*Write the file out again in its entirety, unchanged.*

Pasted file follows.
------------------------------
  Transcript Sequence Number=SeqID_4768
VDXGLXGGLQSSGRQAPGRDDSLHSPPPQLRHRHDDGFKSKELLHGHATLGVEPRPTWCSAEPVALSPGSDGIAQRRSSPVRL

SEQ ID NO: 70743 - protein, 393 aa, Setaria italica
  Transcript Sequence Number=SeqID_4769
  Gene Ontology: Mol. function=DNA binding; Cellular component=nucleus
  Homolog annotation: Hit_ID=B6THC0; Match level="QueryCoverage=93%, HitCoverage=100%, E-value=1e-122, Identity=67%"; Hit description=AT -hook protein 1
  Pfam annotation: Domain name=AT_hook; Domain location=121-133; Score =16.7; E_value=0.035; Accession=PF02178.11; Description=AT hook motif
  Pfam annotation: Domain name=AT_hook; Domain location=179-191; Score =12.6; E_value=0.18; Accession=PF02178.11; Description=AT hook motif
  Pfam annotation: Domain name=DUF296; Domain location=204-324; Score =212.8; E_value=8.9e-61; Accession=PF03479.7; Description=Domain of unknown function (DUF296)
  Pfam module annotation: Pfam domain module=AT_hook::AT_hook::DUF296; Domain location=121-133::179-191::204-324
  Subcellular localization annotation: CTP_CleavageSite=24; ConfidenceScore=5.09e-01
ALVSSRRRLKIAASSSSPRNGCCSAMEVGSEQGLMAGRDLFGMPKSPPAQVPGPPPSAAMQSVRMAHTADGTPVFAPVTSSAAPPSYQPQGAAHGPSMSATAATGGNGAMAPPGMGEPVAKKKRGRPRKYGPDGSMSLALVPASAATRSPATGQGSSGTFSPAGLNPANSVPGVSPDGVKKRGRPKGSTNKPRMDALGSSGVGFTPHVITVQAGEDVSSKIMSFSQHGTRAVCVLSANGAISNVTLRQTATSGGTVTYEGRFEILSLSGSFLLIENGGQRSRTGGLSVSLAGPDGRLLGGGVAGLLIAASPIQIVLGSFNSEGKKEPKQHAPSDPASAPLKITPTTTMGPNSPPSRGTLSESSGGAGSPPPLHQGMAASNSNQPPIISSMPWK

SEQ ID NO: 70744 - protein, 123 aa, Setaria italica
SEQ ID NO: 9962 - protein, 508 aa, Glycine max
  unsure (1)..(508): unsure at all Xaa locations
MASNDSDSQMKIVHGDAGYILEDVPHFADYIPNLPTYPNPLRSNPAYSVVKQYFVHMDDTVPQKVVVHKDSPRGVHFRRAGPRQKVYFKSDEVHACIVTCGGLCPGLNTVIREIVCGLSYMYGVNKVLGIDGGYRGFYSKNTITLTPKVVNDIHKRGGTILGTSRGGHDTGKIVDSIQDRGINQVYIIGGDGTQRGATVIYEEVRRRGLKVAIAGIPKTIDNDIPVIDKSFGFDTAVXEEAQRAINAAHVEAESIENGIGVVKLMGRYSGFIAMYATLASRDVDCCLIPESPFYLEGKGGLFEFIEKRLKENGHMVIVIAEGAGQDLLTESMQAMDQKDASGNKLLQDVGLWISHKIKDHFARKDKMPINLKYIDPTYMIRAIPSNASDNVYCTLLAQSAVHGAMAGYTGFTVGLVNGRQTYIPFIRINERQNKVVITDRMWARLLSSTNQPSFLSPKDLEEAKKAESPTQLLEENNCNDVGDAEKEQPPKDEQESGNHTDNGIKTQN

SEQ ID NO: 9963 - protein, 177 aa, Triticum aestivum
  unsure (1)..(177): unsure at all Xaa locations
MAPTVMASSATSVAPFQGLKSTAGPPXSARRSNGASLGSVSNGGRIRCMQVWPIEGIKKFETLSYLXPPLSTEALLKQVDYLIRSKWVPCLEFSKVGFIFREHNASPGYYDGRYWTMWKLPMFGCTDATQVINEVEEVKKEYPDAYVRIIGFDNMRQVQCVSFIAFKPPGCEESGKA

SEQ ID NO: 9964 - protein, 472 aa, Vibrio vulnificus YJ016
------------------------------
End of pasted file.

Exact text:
  Transcript Sequence Number=SeqID_4768
VDXGLXGGLQSSGRQAPGRDDSLHSPPPQLRHRHDDGFKSKELLHGHATLGVEPRPTWCSAEPVALSPGSDGIAQRRSSPVRL

SEQ ID NO: 70743 - protein, 393 aa, Setaria italica
  Transcript Sequence Number=SeqID_4769
  Gene Ontology: Mol. function=DNA binding; Cellular component=nucleus
  Homolog annotation: Hit_ID=B6THC0; Match level="QueryCoverage=93%, HitCoverage=100%, E-value=1e-122, Identity=67%"; Hit description=AT -hook protein 1
  Pfam annotation: Domain name=AT_hook; Domain location=121-133; Score =16.7; E_value=0.035; Accession=PF02178.11; Description=AT hook motif
  Pfam annotation: Domain name=AT_hook; Domain location=179-191; Score =12.6; E_value=0.18; Accession=PF02178.11; Description=AT hook motif
  Pfam annotation: Domain name=DUF296; Domain location=204-324; Score =212.8; E_value=8.9e-61; Accession=PF03479.7; Description=Domain of unknown function (DUF296)
  Pfam module annotation: Pfam domain module=AT_hook::AT_hook::DUF296; Domain location=121-133::179-191::204-324
  Subcellular localization annotation: CTP_CleavageSite=24; ConfidenceScore=5.09e-01
ALVSSRRRLKIAASSSSPRNGCCSAMEVGSEQGLMAGRDLFGMPKSPPAQVPGPPPSAAMQSVRMAHTADGTPVFAPVTSSAAPPSYQPQGAAHGPSMSATAATGGNGAMAPPGMGEPVAKKKRGRPRKYGPDGSMSLALVPASAATRSPATGQGSSGTFSPAGLNPANSVPGVSPDGVKKRGRPKGSTNKPRMDALGSSGVGFTPHVITVQAGEDVSSKIMSFSQHGTRAVCVLSANGAISNVTLRQTATSGGTVTYEGRFEILSLSGSFLLIENGGQRSRTGGLSVSLAGPDGRLLGGGVAGLLIAASPIQIVLGSFNSEGKKEPKQHAPSDPASAPLKITPTTTMGPNSPPSRGTLSESSGGAGSPPPLHQGMAASNSNQPPIISSMPWK

SEQ ID NO: 70744 - protein, 123 aa, Setaria italica
SEQ ID NO: 9962 - protein, 508 aa, Glycine max
  unsure (1)..(508): unsure at all Xaa locations
MASNDSDSQMKIVHGDAGYILEDVPHFADYIPNLPTYPNPLRSNPAYSVVKQYFVHMDDTVPQKVVVHKDSPRGVHFRRAGPRQKVYFKSDEVHACIVTCGGLCPGLNTVIREIVCGLSYMYGVNKVLGIDGGYRGFYSKNTITLTPKVVNDIHKRGGTILGTSRGGHDTGKIVDSIQDRGINQVYIIGGDGTQRGATVIYEEVRRRGLKVAIAGIPKTIDNDIPVIDKSFGFDTAVXEEAQRAINAAHVEAESIENGIGVVKLMGRYSGFIAMYATLASRDVDCCLIPESPFYLEGKGGLFEFIEKRLKENGHMVIVIAEGAGQDLLTESMQAMDQKDASGNKLLQDVGLWISHKIKDHFARKDKMPINLKYIDPTYMIRAIPSNASDNVYCTLLAQSAVHGAMAGYTGFTVGLVNGRQTYIPFIRINERQNKVVITDRMWARLLSSTNQPSFLSPKDLEEAKKAESPTQLLEENNCNDVGDAEKEQPPKDEQESGNHTDNGIKTQN

SEQ ID NO: 9963 - protein, 177 aa, Triticum aestivum
  unsure (1)..(177): unsure at all Xaa locations
MAPTVMASSATSVAPFQGLKSTAGPPXSARRSNGASLGSVSNGGRIRCMQVWPIEGIKKFETLSYLXPPLSTEALLKQVDYLIRSKWVPCLEFSKVGFIFREHNASPGYYDGRYWTMWKLPMFGCTDATQVINEVEEVKKEYPDAYVRIIGFDNMRQVQCVSFIAFKPPGCEESGKA

SEQ ID NO: 9964 - protein, 472 aa, Vibrio vulnificus YJ016